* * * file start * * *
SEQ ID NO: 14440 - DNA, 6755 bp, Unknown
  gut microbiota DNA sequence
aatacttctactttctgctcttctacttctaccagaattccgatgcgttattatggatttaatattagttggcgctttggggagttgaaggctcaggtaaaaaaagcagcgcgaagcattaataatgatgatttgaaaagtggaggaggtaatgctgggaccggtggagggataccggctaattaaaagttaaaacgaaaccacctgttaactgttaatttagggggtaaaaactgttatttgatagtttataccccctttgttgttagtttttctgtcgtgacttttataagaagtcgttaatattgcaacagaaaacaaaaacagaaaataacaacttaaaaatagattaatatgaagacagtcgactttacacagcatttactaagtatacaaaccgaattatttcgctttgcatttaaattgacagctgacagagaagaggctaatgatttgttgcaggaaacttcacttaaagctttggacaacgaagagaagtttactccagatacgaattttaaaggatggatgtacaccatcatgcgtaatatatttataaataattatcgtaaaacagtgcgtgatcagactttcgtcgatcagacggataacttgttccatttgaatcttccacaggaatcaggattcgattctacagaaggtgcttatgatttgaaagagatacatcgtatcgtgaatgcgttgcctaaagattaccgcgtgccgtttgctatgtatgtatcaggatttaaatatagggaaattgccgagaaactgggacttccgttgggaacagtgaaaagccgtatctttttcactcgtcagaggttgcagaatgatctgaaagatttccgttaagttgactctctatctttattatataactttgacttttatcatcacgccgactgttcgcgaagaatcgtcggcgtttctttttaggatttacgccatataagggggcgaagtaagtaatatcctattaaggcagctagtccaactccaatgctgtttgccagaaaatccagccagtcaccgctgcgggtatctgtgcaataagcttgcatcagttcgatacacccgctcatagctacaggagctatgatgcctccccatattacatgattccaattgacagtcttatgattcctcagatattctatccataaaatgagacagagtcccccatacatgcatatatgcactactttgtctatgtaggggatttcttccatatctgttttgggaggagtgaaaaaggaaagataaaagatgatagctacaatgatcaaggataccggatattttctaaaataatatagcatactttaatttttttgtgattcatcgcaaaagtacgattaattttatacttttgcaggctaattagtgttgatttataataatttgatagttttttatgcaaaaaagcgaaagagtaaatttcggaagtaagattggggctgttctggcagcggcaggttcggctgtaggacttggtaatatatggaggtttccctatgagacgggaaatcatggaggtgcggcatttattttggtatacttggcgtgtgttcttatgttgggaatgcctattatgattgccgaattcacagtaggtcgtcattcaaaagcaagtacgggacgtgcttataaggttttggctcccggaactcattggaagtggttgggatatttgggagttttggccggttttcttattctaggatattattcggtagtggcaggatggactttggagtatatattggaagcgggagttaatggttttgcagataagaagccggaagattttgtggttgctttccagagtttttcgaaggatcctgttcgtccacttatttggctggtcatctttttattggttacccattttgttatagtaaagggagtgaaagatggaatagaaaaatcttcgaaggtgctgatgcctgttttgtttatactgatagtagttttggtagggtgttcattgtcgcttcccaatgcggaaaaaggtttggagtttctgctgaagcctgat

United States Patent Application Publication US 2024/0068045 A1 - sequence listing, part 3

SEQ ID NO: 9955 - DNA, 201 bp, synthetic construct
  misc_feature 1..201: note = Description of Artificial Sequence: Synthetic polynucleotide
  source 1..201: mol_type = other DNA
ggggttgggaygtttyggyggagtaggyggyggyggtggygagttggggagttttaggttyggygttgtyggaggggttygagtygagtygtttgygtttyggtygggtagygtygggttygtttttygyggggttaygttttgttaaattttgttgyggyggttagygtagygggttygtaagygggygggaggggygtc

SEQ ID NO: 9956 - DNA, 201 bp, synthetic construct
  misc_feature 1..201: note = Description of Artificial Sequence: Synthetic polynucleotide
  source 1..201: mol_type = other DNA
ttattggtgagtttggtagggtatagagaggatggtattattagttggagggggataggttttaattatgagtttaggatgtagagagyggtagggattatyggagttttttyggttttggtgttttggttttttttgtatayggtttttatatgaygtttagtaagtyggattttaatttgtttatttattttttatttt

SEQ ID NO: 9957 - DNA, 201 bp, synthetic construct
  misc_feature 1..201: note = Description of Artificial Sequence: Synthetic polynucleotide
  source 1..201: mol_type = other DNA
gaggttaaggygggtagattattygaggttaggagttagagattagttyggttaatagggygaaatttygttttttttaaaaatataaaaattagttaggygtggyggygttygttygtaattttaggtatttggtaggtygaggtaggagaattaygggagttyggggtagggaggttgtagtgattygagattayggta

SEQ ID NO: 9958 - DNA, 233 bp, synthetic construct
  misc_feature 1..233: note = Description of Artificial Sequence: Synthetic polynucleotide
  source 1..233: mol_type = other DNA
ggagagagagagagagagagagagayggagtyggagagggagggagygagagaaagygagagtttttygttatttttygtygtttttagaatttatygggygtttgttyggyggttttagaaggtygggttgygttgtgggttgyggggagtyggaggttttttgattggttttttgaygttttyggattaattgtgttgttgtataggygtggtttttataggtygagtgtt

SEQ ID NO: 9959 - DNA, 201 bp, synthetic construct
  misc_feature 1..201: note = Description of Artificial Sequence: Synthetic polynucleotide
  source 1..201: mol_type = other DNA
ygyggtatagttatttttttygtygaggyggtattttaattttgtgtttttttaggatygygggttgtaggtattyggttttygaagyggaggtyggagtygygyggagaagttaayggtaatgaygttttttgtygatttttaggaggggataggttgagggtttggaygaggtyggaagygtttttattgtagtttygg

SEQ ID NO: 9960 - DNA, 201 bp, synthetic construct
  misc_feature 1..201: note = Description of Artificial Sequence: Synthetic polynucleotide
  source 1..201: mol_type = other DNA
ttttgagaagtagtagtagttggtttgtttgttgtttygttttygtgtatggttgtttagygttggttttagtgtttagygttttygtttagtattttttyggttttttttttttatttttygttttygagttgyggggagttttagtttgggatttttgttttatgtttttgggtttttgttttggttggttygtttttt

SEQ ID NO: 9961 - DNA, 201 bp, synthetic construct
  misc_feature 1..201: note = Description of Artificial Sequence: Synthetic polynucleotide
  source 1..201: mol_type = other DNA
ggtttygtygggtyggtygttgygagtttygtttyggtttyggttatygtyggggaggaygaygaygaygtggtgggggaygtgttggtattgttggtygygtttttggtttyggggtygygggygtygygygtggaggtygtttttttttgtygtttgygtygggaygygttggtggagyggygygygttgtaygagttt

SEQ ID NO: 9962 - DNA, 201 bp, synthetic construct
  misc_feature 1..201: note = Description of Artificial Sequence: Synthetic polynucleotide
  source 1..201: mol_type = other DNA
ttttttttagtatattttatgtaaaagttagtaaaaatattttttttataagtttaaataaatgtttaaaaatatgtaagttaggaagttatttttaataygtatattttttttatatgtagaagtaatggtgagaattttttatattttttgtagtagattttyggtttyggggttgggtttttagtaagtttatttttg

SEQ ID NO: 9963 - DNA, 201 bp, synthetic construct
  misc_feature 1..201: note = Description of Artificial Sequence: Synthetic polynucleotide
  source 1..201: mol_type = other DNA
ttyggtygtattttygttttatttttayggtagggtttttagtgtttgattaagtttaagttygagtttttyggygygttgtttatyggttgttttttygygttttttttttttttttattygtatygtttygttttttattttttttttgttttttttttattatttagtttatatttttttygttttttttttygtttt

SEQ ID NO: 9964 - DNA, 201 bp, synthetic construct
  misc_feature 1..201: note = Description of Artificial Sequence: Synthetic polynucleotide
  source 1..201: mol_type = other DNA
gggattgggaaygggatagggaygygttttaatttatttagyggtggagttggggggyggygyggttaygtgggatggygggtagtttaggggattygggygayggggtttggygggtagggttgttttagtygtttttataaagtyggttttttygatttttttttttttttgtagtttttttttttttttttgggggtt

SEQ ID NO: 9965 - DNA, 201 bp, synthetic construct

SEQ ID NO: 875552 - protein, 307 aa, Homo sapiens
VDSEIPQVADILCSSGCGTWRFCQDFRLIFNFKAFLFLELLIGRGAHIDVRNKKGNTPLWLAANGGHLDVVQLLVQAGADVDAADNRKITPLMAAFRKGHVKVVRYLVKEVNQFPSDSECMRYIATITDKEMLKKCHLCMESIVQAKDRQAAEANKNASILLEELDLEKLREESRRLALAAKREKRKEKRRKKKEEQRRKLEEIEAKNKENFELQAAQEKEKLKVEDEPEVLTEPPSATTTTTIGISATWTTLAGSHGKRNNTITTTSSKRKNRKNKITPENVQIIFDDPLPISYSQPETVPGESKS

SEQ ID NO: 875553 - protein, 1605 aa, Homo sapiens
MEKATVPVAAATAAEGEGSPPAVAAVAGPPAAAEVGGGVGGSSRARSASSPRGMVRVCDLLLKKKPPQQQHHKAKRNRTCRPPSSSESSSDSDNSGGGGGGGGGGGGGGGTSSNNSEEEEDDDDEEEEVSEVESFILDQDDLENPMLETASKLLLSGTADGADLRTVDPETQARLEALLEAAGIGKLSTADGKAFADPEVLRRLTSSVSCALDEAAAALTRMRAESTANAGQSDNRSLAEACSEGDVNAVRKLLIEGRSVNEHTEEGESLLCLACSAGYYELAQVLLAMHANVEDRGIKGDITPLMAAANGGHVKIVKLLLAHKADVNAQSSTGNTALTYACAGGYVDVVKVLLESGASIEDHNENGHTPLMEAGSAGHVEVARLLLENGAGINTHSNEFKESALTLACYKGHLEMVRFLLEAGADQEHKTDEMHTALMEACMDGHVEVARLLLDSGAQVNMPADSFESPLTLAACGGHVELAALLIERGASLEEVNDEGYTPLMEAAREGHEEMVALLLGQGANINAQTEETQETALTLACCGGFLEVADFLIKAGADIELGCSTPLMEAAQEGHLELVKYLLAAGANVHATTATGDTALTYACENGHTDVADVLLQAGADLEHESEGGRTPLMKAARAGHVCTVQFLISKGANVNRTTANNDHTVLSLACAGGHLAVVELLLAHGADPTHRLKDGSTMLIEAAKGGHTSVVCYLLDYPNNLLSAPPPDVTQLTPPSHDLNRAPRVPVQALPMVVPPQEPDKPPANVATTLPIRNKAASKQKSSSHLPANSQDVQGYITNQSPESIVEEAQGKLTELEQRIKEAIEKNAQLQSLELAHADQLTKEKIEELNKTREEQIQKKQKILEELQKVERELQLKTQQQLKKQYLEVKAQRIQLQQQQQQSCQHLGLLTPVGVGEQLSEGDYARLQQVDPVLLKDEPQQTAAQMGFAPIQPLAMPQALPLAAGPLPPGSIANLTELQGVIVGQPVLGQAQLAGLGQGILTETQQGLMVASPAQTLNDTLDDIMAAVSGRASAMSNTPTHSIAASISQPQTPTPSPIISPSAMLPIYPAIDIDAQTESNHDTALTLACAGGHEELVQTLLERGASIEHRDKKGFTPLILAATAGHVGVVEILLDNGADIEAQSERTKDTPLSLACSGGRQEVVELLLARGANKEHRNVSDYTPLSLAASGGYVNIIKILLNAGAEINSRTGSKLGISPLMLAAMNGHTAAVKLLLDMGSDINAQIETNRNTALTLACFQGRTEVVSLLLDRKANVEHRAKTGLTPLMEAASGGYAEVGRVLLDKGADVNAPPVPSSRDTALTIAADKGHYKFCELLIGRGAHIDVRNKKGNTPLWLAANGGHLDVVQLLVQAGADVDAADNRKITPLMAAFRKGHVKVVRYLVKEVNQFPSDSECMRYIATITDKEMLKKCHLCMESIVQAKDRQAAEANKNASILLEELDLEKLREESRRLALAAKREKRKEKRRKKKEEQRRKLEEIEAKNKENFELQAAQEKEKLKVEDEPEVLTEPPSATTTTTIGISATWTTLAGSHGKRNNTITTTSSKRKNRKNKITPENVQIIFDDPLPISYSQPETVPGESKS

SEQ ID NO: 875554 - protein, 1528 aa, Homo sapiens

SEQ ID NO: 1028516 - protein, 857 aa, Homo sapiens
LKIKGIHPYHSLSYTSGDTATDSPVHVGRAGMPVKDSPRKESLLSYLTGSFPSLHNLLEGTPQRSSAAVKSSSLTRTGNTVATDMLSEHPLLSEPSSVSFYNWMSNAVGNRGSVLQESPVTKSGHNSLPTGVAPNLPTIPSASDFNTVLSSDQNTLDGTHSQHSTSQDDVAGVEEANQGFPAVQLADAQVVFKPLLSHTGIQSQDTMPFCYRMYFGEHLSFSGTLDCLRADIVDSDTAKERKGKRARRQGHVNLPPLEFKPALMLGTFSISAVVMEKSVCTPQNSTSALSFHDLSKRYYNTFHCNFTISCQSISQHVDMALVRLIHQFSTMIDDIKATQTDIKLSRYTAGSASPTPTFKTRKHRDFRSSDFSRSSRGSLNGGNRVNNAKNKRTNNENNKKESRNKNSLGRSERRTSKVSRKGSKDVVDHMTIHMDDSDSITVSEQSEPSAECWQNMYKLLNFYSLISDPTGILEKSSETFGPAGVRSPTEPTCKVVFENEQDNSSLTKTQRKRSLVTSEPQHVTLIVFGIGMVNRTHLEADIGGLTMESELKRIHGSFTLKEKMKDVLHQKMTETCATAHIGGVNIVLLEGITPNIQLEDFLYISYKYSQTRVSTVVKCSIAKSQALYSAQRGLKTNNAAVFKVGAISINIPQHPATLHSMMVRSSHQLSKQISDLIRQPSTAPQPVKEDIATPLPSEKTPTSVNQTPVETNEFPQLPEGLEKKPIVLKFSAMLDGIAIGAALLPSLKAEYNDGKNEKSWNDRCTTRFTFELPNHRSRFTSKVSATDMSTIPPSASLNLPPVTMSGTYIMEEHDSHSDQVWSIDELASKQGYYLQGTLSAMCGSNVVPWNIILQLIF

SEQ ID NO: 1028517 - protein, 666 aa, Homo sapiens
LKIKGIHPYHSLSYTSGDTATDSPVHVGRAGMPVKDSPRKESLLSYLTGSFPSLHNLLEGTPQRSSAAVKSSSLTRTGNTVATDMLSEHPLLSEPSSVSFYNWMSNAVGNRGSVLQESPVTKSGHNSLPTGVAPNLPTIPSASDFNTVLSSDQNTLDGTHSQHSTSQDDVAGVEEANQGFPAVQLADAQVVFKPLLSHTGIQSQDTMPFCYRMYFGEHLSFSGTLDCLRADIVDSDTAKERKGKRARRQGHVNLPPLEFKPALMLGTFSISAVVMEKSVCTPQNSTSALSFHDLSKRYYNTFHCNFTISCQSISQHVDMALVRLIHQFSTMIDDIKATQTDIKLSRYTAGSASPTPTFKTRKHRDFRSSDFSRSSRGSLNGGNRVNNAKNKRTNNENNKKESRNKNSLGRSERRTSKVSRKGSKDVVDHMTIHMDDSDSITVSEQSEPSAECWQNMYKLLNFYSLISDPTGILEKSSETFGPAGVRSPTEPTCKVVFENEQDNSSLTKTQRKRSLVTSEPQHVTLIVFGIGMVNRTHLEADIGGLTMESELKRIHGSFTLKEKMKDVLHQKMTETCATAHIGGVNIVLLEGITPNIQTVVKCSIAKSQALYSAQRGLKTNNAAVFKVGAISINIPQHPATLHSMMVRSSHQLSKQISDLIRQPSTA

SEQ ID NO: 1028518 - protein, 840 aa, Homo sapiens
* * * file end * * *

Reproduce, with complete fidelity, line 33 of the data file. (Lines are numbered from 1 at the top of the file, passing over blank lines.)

SEQ ID NO: 9962 - DNA, 201 bp, synthetic construct